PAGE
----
Psalm 37

The Inheritance of the Blameless

Commentaries by Cecilia González-Andrieu

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Sergio Gomez

The Bleeding Border, 2008, Acrylic on Paper/Canvas, 195.58 x 284.48 cm, Collection of the artist; ©️ Sergio Gomez, Courtesy of the artist

Broken Beauty

Commentary by Cecilia González-Andrieu

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Read by Chloë Reddaway

What does it mean to trust in God? Does it mean to stay put and perish, or does it mean to run, seek refuge, and believe God will accompany and see us through a harrowing journey? Displaced persons around the globe must answer this every day. For most, just as for the children in The Bleeding Border, there may be no choice but to trust that ‘the righteous [who] are generous and keep giving’ (Psalm 37:21 NRSV) may be waiting on the other side.

The monumental scale of this work gives the viewer nowhere to retreat to. The life-sized children are running and it is impossible to tell in which direction. Are we joining their dash toward the light-filled door? Will it close before we reach it? Or, instead, are the children running headlong toward us? Will we take them up in our arms and provide the refuge God promises? Will those who hold the power of life and death over these children be among God’s righteous, who even if they have little themselves (v.16) are willing to share it?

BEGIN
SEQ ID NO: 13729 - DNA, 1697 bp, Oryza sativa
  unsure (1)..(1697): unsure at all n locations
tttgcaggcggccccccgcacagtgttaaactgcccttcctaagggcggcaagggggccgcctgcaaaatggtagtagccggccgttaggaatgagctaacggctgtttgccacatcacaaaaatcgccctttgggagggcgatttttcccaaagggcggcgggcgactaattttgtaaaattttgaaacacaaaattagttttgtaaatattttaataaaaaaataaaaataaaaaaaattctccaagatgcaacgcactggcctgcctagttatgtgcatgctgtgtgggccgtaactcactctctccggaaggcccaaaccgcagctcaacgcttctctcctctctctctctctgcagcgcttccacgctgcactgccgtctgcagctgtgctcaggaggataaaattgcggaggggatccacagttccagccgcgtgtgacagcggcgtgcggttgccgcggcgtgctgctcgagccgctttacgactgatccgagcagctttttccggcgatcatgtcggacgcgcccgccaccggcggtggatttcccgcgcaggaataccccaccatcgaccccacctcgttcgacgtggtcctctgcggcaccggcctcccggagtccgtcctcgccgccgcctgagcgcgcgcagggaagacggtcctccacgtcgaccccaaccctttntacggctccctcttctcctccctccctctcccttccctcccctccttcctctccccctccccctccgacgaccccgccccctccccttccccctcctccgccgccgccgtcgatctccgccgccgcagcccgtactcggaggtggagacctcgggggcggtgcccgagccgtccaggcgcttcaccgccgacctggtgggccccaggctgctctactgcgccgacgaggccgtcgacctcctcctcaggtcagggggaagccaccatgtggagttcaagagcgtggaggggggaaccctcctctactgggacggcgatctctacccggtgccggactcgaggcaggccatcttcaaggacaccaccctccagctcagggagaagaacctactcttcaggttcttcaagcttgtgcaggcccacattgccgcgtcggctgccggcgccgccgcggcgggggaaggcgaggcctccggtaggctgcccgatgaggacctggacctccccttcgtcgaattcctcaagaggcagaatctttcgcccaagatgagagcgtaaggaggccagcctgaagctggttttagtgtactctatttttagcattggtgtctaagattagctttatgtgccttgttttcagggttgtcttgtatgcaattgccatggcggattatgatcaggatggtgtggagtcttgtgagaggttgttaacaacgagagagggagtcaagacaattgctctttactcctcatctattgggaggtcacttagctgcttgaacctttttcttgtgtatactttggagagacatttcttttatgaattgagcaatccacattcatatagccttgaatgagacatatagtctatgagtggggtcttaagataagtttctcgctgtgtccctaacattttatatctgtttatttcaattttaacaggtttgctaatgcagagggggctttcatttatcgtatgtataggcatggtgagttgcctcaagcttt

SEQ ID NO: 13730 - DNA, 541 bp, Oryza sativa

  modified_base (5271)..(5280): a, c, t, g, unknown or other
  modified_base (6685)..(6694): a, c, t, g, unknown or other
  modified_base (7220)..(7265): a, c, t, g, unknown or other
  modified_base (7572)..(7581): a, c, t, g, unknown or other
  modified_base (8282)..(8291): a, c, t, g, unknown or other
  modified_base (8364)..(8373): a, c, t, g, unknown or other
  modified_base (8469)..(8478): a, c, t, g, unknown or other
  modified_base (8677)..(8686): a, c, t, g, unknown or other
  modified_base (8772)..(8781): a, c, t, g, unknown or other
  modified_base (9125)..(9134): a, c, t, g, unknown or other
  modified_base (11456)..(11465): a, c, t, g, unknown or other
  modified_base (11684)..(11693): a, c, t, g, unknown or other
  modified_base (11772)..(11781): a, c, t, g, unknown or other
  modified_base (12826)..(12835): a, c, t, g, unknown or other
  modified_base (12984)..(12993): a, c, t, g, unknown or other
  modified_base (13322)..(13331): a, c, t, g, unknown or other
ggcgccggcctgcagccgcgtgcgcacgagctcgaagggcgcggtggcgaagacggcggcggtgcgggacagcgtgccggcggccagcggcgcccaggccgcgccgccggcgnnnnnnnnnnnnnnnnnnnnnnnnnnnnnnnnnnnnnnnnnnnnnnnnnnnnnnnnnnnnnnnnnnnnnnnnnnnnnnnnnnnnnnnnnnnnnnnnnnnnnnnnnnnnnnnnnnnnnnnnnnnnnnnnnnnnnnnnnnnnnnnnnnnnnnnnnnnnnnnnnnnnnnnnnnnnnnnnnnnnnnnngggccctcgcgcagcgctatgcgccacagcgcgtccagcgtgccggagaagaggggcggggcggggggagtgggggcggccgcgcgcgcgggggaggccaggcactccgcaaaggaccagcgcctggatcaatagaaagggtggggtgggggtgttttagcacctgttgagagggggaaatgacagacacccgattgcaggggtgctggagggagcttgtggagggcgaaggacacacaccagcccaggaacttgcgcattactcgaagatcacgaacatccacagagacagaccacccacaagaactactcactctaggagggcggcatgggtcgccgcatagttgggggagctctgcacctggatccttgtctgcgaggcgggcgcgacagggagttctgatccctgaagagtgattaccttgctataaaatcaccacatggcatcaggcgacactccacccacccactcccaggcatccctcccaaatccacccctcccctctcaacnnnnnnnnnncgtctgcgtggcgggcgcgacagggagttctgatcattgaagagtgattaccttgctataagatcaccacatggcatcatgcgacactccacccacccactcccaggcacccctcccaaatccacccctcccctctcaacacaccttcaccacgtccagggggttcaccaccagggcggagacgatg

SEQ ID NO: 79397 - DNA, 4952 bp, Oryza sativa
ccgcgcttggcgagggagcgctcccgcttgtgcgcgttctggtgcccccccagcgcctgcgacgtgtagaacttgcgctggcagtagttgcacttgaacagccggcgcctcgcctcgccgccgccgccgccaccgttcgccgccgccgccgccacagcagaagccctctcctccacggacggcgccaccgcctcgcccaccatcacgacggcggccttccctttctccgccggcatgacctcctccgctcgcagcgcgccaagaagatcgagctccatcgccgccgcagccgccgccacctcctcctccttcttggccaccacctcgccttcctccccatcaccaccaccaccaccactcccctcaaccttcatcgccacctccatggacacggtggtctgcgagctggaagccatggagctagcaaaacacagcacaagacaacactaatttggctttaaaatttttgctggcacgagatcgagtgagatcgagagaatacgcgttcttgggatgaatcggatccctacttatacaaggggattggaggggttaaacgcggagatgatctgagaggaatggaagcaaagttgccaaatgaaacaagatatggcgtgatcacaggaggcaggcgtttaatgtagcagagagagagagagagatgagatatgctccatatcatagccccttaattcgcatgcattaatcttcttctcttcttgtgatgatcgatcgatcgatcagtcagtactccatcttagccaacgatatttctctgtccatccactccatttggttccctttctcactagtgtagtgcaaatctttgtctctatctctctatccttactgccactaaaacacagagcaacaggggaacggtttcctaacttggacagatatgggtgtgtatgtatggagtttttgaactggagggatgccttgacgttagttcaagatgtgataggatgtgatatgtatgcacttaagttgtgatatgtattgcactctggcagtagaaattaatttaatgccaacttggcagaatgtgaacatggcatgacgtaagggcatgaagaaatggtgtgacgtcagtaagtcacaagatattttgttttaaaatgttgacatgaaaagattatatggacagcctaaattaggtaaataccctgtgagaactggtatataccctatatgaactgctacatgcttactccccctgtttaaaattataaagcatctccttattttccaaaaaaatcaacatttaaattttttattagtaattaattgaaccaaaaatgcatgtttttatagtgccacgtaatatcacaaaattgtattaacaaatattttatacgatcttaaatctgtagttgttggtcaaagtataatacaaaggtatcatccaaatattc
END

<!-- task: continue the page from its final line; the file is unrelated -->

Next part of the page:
The land—so central in this psalm, and promised repeatedly to those who do good and wait for the Lord—is a co-protagonist in this work. Superimposed over the scene and most visible against the night sky, the border between the United States and Mexico is rendered as flesh, an open wound dripping blood onto towns and villages, some real and some imagined, with names like El Diablo (the devil) and El Cielo (heaven). The handwritten text framing the painting shatters any possibility of absolving ourselves from responsibility. These are ‘Someone’s children, anonymous shadows to the rest of us. Thousands of unspoken and ignored inconveniences’. Repeated in a thousand places with a thousand faces, can the God who mends the broken, mend this? How does this story end? (Luiselli 2017: 55).



Luiselli, Valeria. 2017. Tell Me How It Ends: An Essay in Forty Questions (Minneapolis: Coffee House Press)

Trina McKillen

The Children, 2015–18, 20 communion dresses, 20 altar boy vestments, Irish linen, thread, gold leaf, Collection of the artist; ©️ Trina McKillen; Photo courtesy of Trina McKillen and Lisa Sette Gallery

Wounded Beauty

Commentary by Cecilia González-Andrieu

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Read by Chloë Reddaway

Who are the blameless the psalmist calls righteous? (Psalm 37:18–37). Who are the defenceless who become the target of the wicked? Has God taken a vacation? (Brandt 1973: 59).

Psalm 37 states that God’s vindication of the innocent ‘will shine like the light, and the justice of [their] cause like noonday’ (v.6 NRSV). But how can we say this to those whose childhood is shattered by abuse? How can we assure them that God is on their side?